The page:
Reflection: Staircase of Complexity Design Your Own Instrument - Section 3: Fundamental Frequency


Overtones are formed by additional standing waves forming at the same time as the primary standing wave that forms the fundamental frequency. It is the formation of overtones along with the resonance of the body of the instrument that gives the instrument its unique timbre. 

However, I have learned that students are quickly overwhelmed with detail when I introduce overtones to the physics of instruments at this time. They are often confused on which formula to use and what the difference is between the overtones and harmonics. I have tried graphic organizers to give structure to the concepts but students are still confused. So I have decided this time to delay the introduction of overtones until after students have mastered the concept of the fundamental frequency and how it applies to musical instruments.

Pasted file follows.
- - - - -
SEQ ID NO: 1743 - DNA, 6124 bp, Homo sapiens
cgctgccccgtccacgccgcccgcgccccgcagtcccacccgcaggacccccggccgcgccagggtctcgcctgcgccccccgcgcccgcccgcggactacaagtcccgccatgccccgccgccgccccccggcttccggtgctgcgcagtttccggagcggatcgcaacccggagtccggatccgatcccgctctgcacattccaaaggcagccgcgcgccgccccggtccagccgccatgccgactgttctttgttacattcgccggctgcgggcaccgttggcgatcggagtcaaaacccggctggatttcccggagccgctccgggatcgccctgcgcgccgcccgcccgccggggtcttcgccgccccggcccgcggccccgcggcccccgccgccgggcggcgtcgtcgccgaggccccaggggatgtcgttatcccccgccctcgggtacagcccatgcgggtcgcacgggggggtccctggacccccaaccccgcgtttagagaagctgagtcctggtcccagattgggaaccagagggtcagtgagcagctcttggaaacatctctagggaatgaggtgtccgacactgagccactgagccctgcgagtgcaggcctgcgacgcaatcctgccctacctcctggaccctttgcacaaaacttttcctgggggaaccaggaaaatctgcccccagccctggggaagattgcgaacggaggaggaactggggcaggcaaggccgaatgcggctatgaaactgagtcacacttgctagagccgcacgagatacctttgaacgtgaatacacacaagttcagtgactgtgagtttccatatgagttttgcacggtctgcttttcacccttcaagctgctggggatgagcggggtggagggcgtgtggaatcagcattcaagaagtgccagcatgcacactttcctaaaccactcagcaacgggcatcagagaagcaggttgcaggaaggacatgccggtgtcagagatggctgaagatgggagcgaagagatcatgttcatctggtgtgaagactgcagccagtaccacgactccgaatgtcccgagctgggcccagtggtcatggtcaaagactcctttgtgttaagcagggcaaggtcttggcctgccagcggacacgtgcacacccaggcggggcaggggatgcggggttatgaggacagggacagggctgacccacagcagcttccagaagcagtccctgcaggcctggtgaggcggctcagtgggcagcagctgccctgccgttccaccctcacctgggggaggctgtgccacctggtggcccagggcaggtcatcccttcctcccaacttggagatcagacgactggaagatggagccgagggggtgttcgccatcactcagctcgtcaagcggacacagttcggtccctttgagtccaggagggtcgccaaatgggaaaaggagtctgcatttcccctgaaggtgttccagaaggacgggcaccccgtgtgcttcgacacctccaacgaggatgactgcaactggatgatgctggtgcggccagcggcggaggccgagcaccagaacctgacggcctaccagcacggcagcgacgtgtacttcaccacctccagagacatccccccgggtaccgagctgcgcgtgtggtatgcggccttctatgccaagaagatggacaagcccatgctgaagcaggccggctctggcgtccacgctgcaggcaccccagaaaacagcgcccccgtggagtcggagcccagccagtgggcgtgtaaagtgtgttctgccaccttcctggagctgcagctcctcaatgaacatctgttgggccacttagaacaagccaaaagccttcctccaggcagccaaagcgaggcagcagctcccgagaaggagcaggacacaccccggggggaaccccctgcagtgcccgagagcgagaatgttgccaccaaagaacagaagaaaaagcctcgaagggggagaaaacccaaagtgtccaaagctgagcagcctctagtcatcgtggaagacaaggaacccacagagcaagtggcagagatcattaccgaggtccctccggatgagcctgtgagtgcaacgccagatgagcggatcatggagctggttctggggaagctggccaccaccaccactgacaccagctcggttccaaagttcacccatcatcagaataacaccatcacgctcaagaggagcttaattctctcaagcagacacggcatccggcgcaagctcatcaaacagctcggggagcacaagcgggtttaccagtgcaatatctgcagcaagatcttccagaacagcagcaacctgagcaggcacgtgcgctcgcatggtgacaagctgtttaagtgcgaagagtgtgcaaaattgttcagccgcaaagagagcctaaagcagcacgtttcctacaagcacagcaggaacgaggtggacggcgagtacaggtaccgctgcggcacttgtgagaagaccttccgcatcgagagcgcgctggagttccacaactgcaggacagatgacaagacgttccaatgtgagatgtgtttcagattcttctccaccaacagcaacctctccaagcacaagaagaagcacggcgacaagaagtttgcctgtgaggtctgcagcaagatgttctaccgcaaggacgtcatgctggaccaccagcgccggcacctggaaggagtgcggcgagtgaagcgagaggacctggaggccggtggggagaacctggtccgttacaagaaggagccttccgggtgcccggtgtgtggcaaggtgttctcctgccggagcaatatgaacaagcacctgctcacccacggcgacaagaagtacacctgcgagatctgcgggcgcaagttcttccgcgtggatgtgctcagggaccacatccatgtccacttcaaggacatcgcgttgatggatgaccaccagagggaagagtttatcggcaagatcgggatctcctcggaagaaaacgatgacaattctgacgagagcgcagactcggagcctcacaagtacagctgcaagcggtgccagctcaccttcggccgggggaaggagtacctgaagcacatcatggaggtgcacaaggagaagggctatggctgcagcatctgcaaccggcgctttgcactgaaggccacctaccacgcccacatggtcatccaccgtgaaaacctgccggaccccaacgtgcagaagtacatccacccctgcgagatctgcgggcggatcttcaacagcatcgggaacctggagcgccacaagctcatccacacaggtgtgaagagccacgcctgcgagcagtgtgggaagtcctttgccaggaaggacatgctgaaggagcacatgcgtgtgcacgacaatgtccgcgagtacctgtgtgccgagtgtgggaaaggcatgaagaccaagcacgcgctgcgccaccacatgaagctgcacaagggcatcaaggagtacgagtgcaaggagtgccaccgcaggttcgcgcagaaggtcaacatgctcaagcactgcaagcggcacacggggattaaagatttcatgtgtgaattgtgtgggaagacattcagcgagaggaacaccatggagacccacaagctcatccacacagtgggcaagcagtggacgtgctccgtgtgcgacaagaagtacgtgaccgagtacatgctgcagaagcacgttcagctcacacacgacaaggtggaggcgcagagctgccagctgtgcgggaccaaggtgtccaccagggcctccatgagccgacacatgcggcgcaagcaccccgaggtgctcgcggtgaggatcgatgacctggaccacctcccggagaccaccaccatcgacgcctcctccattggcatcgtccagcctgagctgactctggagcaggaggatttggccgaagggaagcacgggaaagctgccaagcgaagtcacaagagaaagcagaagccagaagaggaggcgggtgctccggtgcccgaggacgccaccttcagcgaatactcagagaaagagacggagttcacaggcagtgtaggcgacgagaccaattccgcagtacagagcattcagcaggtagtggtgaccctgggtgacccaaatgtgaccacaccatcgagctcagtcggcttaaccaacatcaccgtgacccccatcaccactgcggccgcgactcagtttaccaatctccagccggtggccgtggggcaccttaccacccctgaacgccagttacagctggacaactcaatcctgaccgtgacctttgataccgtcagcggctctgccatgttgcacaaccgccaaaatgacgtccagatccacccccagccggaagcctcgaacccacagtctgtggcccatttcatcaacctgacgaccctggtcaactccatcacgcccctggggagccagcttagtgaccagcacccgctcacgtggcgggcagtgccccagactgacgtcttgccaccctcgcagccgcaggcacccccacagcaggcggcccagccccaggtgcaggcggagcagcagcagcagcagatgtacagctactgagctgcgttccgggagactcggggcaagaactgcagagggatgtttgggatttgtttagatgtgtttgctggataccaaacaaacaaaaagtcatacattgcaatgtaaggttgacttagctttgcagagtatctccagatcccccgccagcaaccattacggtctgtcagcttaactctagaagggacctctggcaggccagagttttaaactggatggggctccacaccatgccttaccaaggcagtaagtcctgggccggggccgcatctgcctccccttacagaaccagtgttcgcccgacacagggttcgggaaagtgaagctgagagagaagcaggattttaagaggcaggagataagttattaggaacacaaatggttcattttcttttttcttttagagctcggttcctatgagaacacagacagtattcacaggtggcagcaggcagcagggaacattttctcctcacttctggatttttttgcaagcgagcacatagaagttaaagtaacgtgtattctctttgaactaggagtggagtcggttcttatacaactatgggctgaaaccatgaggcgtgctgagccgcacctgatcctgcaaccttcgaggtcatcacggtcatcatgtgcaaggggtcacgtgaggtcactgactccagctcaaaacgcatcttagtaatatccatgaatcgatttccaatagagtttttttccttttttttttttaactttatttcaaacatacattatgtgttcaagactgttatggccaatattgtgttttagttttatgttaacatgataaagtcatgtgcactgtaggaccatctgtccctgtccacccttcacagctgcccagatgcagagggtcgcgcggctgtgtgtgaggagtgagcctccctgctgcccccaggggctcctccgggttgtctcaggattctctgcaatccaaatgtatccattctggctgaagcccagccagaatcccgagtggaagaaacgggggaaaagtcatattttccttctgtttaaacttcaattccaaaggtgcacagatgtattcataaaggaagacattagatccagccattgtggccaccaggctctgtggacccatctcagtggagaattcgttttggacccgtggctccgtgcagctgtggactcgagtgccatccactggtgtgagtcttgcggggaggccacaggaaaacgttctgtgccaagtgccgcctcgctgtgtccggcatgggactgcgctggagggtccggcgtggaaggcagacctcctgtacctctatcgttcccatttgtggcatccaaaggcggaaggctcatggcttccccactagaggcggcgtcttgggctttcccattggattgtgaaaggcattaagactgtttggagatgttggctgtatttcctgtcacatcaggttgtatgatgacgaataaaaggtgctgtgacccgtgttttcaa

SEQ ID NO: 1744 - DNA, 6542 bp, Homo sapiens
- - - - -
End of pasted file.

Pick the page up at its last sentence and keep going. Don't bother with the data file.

Overtones and harmonics
  Staircase of Complexity: Overtones and harmonics
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Design Your Own Instrument

Unit 5: Waves
Lesson 6 of 15

Objective: Students design their own musical instrument and apply the concept of standing waves to determine its frequencies.

Big Idea: In order to create a sustained note, standing waves must form in a musical instrument.

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Waves, Science, physics, resonance, standing waves, Musical Instruments, fundamental frequency
  50 minutes
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